Behavioral health care providers are on the front lines of the Covid-19 pandemic, even if that front line is on the other side of a phone or computer screen. The rapid adoption of telehealth for mental health and substance use disorders has been a lifeline for many of the almost half of U.S. adults reporting high levels of anxiety, and distress and fears about the future.
The therapists, counselors, and psychiatrists providing these critical behavioral health services are trained to skillfully treat their patients’ pain, trauma and uncertainty while acknowledging and managing their own reactions and personal issues. However, this current crisis poses an added layer of complexity for behavioral health providers as many are experiencing similar challenges to their patients – breaking down the invisible barrier between doctor and patient.
New Challenges and Breakthroughs in Mental Health Treatment
In previous crises, like 9/11 or Hurricane Katrina, behavioral health providers played a critical role in the immediate and long-term responses. However, the widespread impact of Covid-19, the uncertainty of its course, and physical distancing have forced providers to drastically alter the ways they communicate with and treat patients.
The virus is sending many new patients in search of help. In turn, government agencies and insurers have jumped into warp speed to expand access to health care, waiving HIPAA enforcement, changing Medicare and Medicaid regulations, and expanding medical policy to promote access to telehealth, including behavioral health services.
Beyond convenience, telehealth sessions have additional benefits including efficiency, flexibility, reduced costs and increased show rates. Although not everyone has easy access to the technology (computers, dependable WIFI, reliable phone coverage) or the privacy needed for virtual sessions, providers and patients alike are implementing creative solutions to make treatment work.
Shifting Treatment Leads to Shattering of the Fourth Wall
With the global nature of this pandemic and the reliance on telemental health strategies, providers and patients may now have a more literal view into one another’s personal space, including their homes and families. This increased intimacy can shatter the “fourth wall” between provider and patient. Taken from acting, this concept has been written about in psychoanalysis to reference the creation of a treatment framework that seeks to minimize interference from the outside world. The therapy session is seen as sacrosanct and therapists attempt to maintain strict boundaries, keeping their own experiences outside of the treatment room.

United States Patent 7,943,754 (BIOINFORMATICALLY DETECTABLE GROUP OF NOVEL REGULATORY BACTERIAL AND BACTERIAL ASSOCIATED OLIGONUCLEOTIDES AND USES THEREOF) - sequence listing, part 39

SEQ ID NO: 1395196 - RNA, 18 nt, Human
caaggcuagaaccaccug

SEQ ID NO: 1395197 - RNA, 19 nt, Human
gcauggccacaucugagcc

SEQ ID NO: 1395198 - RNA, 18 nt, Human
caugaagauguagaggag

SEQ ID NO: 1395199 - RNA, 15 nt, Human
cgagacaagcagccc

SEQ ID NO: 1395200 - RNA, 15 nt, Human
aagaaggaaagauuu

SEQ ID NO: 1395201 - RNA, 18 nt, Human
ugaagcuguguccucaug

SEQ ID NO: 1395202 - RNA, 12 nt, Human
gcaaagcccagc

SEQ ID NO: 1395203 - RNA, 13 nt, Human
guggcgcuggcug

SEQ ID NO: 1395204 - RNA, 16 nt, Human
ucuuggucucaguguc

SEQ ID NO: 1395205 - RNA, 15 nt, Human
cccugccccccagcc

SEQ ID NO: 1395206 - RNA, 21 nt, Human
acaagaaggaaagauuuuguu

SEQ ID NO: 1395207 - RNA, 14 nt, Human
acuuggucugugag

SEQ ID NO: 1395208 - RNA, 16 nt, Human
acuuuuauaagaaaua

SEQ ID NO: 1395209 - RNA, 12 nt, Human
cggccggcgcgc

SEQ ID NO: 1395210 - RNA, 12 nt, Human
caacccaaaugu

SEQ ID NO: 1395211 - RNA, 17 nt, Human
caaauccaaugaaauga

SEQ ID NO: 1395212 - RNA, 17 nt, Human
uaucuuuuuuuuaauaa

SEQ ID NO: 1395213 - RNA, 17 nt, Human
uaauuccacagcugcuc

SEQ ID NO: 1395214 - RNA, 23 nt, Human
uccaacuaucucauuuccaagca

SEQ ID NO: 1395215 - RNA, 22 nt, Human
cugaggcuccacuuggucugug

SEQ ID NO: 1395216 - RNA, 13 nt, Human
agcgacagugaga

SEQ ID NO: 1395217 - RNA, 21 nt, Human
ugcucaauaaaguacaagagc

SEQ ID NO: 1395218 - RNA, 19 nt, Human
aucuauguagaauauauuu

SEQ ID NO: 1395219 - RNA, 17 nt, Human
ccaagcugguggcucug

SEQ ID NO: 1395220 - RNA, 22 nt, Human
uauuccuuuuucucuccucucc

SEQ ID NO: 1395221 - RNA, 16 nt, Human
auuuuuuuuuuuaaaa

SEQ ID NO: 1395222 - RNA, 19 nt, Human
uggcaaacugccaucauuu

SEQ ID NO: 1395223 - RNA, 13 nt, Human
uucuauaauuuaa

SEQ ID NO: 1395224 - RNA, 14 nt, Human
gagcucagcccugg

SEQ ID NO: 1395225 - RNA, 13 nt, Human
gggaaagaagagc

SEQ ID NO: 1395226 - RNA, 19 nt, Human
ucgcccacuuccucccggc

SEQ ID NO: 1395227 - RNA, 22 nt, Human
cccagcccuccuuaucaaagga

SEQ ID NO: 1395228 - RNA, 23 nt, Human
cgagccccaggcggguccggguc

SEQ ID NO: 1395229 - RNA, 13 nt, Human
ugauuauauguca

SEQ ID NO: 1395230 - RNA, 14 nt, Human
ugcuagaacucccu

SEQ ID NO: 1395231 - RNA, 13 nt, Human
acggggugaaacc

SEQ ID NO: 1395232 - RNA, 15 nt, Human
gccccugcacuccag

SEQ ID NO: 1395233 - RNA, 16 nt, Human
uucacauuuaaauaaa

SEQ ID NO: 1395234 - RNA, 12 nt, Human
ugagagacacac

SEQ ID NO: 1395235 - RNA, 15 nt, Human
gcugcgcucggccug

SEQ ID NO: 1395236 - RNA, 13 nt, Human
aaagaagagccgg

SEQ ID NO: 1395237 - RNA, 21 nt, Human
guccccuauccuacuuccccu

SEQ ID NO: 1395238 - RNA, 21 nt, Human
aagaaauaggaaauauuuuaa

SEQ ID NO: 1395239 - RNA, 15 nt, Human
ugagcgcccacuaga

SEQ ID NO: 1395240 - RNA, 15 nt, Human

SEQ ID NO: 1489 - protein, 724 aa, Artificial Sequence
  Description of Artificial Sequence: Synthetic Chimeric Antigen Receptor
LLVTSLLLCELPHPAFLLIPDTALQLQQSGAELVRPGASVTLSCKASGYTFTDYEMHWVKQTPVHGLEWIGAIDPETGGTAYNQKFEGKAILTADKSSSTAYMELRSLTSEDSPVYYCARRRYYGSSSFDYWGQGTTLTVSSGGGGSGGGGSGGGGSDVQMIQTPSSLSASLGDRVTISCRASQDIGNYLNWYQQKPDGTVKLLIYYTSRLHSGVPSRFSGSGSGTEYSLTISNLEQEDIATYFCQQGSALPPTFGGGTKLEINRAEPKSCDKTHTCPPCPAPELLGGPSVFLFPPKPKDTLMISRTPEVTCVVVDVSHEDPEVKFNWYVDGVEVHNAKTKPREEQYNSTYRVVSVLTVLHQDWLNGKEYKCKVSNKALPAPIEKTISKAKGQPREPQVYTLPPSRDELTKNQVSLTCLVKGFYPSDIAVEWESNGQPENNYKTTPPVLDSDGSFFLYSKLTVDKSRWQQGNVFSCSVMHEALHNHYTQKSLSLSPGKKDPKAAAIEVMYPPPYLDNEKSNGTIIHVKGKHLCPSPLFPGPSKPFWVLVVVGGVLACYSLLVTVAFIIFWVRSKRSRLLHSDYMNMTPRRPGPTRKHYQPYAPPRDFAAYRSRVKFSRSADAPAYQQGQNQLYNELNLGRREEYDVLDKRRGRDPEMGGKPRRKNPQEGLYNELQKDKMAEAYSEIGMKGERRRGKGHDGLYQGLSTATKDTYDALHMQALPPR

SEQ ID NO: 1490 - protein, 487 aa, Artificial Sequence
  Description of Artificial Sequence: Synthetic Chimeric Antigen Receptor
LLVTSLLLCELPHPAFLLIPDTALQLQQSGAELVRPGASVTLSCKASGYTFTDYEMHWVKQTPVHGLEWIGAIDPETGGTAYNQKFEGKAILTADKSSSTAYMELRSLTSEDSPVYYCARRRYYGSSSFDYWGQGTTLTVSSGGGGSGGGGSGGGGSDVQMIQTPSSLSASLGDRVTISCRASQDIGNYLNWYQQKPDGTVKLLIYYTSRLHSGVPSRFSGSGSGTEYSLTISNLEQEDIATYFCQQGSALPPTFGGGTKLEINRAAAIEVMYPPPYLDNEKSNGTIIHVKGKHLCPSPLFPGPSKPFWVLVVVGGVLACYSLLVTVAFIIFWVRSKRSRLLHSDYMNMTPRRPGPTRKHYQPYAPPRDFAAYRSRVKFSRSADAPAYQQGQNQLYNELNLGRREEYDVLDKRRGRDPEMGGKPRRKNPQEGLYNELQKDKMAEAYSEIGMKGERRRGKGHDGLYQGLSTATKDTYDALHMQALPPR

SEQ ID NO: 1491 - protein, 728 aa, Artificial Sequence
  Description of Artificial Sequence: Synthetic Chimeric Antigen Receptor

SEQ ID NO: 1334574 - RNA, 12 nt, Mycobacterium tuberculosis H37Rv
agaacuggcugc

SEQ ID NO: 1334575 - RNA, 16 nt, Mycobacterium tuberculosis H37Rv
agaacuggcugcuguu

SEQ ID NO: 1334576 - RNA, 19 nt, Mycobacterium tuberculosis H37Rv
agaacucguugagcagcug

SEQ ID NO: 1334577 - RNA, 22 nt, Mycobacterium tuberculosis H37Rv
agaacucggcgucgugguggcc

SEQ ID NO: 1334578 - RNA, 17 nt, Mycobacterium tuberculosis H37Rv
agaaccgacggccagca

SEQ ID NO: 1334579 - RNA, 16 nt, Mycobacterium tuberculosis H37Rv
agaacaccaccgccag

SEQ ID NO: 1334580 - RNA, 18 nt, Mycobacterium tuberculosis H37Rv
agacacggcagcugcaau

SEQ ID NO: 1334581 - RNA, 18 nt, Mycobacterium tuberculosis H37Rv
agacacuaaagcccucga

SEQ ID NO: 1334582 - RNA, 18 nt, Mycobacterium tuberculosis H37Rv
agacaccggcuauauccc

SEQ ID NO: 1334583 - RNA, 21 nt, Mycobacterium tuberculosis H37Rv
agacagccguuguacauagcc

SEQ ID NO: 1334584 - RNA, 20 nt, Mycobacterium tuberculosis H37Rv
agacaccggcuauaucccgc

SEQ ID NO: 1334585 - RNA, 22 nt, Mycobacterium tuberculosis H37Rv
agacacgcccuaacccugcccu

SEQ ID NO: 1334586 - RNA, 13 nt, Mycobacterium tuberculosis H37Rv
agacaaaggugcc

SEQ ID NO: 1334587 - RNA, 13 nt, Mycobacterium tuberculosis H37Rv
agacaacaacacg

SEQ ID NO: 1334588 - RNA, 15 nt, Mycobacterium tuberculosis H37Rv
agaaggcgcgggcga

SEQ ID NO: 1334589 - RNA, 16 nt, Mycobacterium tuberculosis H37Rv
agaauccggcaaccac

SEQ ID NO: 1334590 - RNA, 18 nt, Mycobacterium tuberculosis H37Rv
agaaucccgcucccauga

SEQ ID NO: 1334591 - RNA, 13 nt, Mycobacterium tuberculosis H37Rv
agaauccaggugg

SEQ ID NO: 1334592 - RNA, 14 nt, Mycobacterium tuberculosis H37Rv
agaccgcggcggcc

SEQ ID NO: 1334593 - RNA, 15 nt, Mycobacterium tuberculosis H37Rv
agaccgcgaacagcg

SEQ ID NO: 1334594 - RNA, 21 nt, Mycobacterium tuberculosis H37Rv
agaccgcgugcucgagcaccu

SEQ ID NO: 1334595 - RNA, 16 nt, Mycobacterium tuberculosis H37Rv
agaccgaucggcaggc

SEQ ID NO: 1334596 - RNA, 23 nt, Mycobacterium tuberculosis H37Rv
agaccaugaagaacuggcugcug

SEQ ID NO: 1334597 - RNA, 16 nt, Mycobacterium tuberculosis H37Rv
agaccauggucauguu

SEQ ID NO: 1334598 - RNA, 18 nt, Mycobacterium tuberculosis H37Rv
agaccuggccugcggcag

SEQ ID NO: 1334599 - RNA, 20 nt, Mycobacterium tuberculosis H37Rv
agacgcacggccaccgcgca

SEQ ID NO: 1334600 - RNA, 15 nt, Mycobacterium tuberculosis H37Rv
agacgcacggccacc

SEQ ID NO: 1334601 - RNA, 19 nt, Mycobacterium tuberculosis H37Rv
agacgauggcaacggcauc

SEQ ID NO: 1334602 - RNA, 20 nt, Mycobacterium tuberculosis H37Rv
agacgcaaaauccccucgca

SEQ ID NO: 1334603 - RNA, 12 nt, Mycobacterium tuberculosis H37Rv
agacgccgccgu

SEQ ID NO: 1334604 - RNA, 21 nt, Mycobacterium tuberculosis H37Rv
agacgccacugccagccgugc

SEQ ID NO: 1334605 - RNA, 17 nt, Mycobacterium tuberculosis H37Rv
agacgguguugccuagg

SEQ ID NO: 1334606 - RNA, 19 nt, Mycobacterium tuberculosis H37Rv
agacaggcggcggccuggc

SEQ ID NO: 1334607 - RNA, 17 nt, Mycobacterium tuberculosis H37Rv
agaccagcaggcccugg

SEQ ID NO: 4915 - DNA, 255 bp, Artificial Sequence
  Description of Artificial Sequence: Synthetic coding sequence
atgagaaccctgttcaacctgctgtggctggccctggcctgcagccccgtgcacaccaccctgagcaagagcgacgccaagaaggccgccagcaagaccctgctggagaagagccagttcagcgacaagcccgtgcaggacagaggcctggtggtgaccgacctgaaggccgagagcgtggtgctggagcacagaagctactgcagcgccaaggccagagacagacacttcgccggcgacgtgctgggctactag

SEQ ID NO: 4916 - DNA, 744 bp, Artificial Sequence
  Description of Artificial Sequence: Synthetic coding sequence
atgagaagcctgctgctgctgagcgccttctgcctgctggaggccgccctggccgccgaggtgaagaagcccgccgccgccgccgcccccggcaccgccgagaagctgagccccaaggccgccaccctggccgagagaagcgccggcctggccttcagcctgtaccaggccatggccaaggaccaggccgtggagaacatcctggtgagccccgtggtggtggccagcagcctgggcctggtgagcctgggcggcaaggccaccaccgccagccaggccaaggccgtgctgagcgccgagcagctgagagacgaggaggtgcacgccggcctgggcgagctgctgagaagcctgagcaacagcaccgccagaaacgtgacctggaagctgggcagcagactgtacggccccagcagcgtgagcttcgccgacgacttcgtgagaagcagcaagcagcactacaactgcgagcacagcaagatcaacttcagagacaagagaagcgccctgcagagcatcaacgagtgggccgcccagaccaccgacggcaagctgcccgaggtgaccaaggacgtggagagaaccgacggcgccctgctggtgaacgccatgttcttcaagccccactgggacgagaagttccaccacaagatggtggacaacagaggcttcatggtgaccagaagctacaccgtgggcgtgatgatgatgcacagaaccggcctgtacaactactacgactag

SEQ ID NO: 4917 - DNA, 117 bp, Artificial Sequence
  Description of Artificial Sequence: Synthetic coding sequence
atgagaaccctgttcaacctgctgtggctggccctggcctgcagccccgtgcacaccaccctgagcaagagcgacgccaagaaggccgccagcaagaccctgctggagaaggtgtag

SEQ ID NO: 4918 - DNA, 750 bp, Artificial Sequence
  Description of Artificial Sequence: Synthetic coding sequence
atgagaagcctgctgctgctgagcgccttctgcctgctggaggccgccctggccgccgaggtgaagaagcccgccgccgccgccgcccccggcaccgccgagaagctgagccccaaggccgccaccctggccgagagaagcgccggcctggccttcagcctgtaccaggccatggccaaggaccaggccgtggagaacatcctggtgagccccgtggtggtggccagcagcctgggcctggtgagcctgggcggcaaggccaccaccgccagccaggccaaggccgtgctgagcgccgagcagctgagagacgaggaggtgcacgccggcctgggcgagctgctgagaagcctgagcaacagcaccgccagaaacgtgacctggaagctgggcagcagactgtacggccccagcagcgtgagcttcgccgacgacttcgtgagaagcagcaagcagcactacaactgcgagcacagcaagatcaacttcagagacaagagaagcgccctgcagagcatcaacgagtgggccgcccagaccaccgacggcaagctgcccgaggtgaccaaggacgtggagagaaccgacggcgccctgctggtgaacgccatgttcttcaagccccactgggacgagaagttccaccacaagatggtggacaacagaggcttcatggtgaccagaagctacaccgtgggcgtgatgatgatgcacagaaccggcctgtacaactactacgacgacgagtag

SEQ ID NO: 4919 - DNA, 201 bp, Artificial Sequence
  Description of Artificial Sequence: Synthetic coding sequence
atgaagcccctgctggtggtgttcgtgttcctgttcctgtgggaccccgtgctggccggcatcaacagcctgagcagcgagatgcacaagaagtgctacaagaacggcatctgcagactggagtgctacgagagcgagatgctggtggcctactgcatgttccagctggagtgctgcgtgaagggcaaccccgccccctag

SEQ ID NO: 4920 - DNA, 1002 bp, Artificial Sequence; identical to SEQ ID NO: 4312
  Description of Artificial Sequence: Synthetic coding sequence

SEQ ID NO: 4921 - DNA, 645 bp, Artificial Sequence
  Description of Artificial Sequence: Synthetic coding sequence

With the fourth wall broken, behavioral health providers and their patients gain a sense that “we are in this together.” This can be comforting to some patients and allow them to see providers as more human. It may also instill a greater sense of trust in a provider, as someone who will understand them. For providers, knowledge of a shared experience with patients has the potential to increase patience, compassion, emphasis on strengths and an increased ability to be vulnerable, self-aware and attend to one’s own self-care.
However, providers should be aware that knowledge of a shared experience can pose challenges for some patients. Some patients may become reluctant to seek help or voice their own concerns if they believe their provider is having similar experiences. They may downplay their own needs or feel as if their problems may pose a burden to others. These patients may require additional encouragement to validate and focus on their own issues.
Behavioral health providers are accustomed to being able to tap into their own reserves after seeing patients, but the shared nature of this health crisis makes this more difficult as their own reserves may be low. Providers must remain vigilant and rely on colleagues or supervisors to help them monitor their own experiences in the context of these shifts in the therapeutic relationship so they may continue to be a source of comfort and support to their patients, not the other way around.
Making the New Relationship Between Providers and Patients Work
Health care providers on the front lines of Covid-19 have been likened to superheroes, but even Superman has his kryptonite. As the demand for behavioral health care inevitably increases, so will the risk for providers to experience burnout, secondary trauma, depression, and anxiety in response to their patients – and also their own experiences in this pandemic.
Caregivers are often told, “When the oxygen mask deploys on an airplane, you put it on yourself before helping others” – which means practice self-care, so you can be there for people who need you. With the line between provider and patient now blurred, behavioral health professionals need to be in tune with their own psychological and physical state and seek support from colleagues, a supervisor, or their own therapist. Today, online therapeutic and psycho-educational programs are available to help providers to relax, destress and carve out time for coping.
With cases of Covid-19 — along with mental health concerns — continuing to rise across the country, it’s important to step back and appreciate the behavioral health superheroes on the front line of this pandemic. With that appreciation comes the recognition that therapists, counselors, psychiatrists and others are facing tremendous professional and personal strain themselves, as the fourth wall between their patients’ crumbles. New technology is leading to challenges and breakthroughs of treatment, creating a truly shared experience between providers and patients. More than ever, we are all truly in the battle for mental health together.
Photo: SIphotography, Getty Images